His current term on the board gives Chris a chance to do what he does best, which is become a conduit to help others be successful in tourism, and especially in his own community. By being a director, he is able to hear about new initiatives at the provincial or regional level and apply them to his business.

“At the same time, I become an example and can share my experience to benefit my industry,” Chris explained.

He recommends that other tourism operators or stakeholders take the time to join the board themselves, and “put themselves out there.”

“Our industry is one that has a number of different pieces and very dynamic businesses, but everybody brings something important to the table.”

Joining the OHTO Board

OHTO is currently seeking new board members to join the team and make changes in the tourism world in Ontario’s Highlands. Anyone who is passionate about tourism and can dedicate a few hours each month, please consider submitting an application. For more information about how to apply and to read more about current board members’ thoughts on what being a board member means to them, please click here.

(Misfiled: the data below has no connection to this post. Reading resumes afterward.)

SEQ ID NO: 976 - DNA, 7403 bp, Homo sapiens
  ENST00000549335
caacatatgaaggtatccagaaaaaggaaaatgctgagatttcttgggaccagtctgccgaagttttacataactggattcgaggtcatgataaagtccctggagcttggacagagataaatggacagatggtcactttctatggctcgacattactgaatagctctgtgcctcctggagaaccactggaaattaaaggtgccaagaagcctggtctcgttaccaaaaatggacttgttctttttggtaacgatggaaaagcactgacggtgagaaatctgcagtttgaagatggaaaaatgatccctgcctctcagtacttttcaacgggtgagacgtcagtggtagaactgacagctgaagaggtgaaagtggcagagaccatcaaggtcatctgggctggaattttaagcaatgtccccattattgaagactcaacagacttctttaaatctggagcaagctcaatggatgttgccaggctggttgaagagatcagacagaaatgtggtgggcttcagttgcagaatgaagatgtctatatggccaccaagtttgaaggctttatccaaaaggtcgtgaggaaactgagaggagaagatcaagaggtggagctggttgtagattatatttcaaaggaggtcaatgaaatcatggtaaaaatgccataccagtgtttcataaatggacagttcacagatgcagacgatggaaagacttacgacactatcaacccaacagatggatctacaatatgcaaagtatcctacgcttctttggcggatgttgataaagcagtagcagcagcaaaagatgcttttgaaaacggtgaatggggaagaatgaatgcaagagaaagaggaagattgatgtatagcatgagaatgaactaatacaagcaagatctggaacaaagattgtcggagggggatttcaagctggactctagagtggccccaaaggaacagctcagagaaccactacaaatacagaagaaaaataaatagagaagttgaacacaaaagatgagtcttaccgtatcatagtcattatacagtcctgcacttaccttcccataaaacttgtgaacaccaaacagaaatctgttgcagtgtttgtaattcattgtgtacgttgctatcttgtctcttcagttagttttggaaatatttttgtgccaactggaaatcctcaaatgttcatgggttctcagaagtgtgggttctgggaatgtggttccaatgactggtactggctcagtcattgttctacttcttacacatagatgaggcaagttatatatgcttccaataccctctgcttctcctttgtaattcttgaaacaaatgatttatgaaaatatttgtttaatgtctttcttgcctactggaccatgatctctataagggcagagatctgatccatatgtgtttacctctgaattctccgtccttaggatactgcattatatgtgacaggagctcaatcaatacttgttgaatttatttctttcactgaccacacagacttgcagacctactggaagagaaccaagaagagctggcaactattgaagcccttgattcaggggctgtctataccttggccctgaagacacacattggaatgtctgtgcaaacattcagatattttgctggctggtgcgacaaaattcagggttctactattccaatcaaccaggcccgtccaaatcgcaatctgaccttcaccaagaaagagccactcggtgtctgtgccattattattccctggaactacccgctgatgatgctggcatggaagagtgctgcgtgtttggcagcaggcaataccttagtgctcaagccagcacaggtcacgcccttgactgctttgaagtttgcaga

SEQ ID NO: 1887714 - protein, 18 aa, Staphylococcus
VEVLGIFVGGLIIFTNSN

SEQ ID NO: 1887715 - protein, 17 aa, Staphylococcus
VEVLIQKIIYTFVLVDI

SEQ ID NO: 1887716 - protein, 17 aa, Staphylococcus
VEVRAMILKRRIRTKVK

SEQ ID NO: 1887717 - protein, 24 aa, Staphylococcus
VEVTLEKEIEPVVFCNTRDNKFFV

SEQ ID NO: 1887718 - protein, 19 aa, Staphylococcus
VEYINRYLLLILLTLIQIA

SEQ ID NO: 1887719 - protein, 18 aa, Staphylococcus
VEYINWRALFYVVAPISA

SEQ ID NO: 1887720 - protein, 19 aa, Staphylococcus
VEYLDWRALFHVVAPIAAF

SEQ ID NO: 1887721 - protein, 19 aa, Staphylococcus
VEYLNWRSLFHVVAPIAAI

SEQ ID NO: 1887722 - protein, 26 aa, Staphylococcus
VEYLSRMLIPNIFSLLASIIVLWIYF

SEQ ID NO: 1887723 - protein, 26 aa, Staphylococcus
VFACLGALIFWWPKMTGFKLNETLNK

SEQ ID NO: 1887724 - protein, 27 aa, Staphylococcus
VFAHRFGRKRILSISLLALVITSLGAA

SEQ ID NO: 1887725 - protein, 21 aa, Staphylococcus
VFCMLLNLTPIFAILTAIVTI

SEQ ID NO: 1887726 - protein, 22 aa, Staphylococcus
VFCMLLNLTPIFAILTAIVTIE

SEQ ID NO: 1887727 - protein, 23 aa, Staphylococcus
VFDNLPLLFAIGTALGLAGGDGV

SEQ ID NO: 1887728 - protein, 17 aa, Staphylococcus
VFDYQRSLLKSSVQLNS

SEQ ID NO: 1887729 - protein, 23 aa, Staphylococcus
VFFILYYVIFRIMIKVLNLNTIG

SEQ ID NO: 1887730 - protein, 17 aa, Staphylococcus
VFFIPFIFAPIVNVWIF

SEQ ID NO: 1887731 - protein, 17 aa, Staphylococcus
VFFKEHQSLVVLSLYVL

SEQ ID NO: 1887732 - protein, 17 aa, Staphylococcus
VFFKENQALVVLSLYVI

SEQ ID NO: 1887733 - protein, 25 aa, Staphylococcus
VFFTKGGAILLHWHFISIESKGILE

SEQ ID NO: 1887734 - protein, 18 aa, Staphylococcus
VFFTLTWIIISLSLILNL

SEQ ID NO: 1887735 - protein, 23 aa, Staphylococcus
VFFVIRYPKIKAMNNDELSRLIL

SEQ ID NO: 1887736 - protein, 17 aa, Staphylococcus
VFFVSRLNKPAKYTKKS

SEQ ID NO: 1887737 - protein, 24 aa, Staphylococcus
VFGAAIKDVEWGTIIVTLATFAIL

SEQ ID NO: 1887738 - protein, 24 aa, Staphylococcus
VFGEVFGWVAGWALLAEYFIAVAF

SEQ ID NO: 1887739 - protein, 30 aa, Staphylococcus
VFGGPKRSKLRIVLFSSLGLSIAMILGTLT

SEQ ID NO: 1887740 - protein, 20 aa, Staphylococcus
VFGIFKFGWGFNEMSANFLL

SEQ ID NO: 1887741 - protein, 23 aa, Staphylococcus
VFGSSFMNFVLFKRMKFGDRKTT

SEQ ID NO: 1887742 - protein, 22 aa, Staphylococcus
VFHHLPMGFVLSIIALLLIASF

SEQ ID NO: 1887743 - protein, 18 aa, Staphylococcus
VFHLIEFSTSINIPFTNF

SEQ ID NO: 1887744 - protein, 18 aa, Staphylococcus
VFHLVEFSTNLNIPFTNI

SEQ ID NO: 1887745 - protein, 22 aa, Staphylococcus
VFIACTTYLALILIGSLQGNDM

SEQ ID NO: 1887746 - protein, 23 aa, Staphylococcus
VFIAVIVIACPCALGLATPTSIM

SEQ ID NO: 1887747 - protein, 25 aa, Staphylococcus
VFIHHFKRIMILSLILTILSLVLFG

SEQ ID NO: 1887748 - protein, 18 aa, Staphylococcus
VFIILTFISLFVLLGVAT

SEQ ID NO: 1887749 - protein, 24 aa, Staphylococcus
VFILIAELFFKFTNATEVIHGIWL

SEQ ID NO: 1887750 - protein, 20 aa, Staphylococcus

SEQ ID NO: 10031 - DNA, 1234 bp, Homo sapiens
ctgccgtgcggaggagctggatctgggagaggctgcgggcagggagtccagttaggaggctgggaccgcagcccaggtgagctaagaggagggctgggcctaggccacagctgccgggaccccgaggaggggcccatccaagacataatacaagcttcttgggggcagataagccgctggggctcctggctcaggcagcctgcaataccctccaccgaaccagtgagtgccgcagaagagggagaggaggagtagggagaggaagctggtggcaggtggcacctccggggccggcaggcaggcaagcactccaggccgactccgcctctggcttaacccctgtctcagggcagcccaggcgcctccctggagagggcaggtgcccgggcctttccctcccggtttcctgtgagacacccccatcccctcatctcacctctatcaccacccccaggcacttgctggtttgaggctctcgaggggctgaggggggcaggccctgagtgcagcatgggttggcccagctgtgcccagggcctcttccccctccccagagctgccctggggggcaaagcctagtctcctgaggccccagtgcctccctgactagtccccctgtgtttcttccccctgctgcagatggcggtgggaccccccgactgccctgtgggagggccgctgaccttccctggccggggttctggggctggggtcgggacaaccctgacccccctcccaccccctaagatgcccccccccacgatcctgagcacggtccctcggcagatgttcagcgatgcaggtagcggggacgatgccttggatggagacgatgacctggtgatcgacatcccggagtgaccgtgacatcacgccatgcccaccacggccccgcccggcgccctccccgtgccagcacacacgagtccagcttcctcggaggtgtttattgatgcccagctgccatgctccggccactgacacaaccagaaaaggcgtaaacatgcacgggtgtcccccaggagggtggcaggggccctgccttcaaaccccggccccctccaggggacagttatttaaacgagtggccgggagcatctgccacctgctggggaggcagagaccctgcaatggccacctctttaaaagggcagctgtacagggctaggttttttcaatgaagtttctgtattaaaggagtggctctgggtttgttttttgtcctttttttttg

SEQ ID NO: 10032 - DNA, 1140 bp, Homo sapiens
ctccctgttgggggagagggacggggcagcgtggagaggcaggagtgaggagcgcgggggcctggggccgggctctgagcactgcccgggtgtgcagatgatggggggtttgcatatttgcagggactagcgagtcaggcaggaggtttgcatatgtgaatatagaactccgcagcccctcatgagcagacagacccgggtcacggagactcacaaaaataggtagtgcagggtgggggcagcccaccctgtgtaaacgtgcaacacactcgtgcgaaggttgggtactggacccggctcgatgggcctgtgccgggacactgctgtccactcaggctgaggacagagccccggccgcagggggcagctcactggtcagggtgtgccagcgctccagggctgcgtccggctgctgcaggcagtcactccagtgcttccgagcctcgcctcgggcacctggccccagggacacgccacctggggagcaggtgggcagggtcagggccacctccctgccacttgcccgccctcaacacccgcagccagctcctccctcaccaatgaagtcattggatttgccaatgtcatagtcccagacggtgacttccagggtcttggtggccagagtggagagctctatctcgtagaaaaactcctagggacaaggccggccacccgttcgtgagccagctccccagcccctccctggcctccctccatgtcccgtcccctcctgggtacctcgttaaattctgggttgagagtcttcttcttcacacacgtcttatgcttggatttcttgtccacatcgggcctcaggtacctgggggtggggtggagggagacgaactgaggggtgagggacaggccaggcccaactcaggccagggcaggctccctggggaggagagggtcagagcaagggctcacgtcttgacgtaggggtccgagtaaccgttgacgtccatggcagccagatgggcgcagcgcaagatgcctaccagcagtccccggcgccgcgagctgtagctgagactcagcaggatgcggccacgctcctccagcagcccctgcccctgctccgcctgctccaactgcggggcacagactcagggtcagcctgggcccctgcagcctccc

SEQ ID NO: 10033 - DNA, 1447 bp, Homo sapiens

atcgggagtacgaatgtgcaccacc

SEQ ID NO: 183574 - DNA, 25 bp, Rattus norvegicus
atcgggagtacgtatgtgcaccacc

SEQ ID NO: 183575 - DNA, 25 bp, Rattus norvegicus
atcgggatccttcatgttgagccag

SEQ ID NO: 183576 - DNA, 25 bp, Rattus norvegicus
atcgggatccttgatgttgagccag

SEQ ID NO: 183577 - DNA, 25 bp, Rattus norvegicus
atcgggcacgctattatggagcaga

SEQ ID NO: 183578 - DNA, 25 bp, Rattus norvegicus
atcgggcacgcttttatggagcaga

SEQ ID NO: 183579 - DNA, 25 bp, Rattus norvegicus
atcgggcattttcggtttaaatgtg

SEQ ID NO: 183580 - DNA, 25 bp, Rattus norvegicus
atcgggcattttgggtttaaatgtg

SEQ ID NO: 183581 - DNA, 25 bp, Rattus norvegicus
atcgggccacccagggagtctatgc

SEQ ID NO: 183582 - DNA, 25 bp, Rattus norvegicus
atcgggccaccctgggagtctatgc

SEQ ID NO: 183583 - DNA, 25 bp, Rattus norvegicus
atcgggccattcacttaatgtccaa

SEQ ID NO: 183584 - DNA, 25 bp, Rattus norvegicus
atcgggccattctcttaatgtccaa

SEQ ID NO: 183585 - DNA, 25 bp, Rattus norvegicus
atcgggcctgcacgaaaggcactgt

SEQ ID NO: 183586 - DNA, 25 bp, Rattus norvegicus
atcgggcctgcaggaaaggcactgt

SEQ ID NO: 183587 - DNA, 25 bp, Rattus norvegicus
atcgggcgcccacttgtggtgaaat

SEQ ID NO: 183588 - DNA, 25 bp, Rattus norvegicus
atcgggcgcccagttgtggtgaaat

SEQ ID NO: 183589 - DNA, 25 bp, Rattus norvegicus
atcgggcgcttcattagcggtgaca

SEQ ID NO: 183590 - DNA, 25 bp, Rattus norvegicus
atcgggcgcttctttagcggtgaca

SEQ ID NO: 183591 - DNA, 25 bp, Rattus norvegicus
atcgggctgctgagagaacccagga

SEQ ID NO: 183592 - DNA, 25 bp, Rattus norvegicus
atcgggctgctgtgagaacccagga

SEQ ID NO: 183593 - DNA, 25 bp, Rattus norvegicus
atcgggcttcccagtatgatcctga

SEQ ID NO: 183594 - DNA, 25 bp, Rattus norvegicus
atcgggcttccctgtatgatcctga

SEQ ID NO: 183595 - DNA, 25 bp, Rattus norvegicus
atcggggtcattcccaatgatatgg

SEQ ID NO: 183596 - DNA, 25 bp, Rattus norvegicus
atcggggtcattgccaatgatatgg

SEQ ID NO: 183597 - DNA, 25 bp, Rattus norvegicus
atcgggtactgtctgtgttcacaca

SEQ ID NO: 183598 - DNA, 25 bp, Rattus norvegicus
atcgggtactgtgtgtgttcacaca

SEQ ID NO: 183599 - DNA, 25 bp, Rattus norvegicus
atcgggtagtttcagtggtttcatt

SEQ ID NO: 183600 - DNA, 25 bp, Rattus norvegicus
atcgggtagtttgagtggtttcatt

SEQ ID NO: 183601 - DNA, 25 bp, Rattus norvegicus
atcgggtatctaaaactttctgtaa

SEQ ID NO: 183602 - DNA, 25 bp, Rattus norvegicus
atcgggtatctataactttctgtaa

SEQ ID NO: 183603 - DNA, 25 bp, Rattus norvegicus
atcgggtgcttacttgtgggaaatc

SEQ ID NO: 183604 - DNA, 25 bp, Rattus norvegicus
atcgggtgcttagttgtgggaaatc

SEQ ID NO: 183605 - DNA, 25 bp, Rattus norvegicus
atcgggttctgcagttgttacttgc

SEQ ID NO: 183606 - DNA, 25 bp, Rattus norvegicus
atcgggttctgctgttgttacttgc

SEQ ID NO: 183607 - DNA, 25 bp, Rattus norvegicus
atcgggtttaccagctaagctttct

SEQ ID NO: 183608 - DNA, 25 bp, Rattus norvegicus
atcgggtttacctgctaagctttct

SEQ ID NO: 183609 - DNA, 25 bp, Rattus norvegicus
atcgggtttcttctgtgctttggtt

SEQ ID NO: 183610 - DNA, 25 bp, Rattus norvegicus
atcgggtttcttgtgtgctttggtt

Meet the Board: Meghan James, Somewhere Inn Calabogie

After nearly a decade spent working in tourism, including nine years at the Pembroke Best Western, Meghan James has taken on virtually every job on the books. From restaurant manager to sales, marketing, events, community outreach, and public relations, Meghan has literally learned the industry from the ground up.

After making the move from the Best Western to Somewhere Inn Calabogie as their General Manager earlier this year, Meghan is also taking on her next new role in the industry, as an OHTO Board Member. The move to board member was the logical next step for Meghan, who seems to have found her calling in tourism.

“My goal has been to promote not just our property, but the Ottawa Valley area, and Ontario’s Highlands,” Meghan explained. “I feel like if we get the word out about how much there is to see and do here, we can get people coming back to experience everything we have to offer.”